Backstreet Boys' AJ McLean Admits Group's Success 'Doesn't Feel Real'

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Backstreet Boys' AJ McLean Admits Group's Success 'Doesn't Feel Real'

Oscars 2018: Jimmy Kimmel Tackles Harvey Weinstein Sexual Assault Scandal in Opening

Jimmy Kimmel kicked off the 90th Academy Awards with a hilarious monologue, which touched on last year's Best Picture mistake and the #MeToo movement. This is the late night talk show host's second consecutive time hosting the ceremony.

The opening was a throwback to black and white TV coverage of the Oscars, hilariously pointing out that there is a Hooters just a few blocks from the Dolby Theater. Before introducing himself, Kimmel made a joke about presiding over last year's Best Picture flub.

Then, he came out to the stage and congratulated everyone for reaching the Oscars. "Some of you will be going home with an Academy Award. What could be better than that?"

"What happened last year was unfortunate," Kimmel said, adding that the accountants decided to write jokes themselves. He also assured everyone that everything will go smoothly. Considering it is the 90th anniversary of the Oscars, this historic night has to go well.

Kimmel also spoke about the Academy kicking out Harvey Weinstein after dozens of women accused him of sexual harassment. The comedian said the ceremony should be about "positivity" and highlighting the diversity at the Oscars this year.

The monologue culminated in a Price Is Right gag, where Kimmel said whoever gives the shortest speech will win a jet ski as modeled by Helen Mirren herself.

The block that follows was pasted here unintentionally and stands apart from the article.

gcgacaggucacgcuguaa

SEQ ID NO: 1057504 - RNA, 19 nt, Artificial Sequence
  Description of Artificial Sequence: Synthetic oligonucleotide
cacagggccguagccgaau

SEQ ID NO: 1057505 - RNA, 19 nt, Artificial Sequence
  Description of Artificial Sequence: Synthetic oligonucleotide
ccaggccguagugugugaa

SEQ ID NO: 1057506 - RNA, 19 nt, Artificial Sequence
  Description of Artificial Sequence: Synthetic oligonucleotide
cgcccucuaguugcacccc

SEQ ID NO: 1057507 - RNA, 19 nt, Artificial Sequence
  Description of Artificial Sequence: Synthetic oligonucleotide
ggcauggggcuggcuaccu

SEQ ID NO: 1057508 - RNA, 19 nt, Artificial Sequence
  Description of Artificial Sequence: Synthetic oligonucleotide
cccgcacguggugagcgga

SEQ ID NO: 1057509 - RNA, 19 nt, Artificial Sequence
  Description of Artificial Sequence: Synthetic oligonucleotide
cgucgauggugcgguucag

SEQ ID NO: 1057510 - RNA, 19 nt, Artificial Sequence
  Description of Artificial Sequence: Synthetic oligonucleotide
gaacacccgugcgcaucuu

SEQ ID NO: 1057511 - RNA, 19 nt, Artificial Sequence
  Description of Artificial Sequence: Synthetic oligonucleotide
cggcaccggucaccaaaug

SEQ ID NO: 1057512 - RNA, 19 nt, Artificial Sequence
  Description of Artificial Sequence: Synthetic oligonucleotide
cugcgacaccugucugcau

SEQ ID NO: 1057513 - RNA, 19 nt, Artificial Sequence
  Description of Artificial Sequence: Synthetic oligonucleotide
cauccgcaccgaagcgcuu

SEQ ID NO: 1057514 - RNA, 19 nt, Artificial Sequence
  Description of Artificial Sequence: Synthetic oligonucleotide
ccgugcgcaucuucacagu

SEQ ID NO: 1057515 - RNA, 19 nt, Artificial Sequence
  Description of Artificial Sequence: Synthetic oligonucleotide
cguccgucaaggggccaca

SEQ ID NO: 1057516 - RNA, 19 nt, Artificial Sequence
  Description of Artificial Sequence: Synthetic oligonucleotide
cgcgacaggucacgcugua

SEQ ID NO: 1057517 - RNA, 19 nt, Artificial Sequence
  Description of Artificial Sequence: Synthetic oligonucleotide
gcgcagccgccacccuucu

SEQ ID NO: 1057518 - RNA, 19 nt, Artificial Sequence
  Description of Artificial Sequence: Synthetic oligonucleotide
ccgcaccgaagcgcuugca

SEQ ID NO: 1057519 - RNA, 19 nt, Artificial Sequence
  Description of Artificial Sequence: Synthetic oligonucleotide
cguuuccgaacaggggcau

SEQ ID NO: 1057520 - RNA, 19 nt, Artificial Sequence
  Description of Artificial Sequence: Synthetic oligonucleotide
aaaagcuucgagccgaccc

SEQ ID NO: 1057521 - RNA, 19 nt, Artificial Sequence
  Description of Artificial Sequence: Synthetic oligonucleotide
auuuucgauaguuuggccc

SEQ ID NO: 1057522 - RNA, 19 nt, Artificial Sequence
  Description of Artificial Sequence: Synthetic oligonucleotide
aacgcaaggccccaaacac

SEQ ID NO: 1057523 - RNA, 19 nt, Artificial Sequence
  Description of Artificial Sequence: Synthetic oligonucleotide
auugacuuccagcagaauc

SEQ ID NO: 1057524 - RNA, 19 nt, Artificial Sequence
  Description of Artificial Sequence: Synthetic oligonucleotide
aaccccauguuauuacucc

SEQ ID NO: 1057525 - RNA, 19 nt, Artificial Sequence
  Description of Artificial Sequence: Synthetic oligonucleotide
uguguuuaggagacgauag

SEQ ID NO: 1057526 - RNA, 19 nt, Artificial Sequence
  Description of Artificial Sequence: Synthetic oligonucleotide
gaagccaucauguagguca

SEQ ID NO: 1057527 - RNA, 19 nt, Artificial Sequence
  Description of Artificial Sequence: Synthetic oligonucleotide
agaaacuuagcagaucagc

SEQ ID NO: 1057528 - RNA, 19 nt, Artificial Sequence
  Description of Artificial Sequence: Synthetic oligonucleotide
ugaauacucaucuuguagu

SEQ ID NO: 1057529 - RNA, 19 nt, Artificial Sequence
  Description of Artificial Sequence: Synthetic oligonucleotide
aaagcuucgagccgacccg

In an interview with Vanity Fair before the show, Kimmel said he will take a "looser" approach this year compared to 2017. There will be more fun with the audience.

"I’m gonna do basically the same thing but with different jokes," Kimmel said. "It’s kind of the same drill. I feel like I learned little things, subtle things. Every time you do something like this you gain wisdom because the audience is not like the audience of your talk show. They’re not there to see you. You’re there to see them, so it’s just a different approach."

Kimmel said he was trying to avoid overplanning.

"I’ve learned not to overplan the show. I’ve learned you should play to the audience in front of you rather than the audience at home, and to keep it loose if possible. Some of these things tend to be very tightly wound," Kimmel said.

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Kimmel also oversaw last year's big mistake, when La La Land was named Best Picture even though Moonlight was the real winner. This year, things are very different as the #MeToo and Time's Up movements will be frequently discussed.

"It’s very tricky because when people are scared they don’t laugh, and when there’s a camera in their face they behave differently than they do in a comedy club or in the audience on a talk show," Kimmel told Vanity Fair. "When you’re put in that position, those in the audience become a little bit of a deer in the headlights. That’s the part [where] you have to rely on experience and the knowledge of your medium.”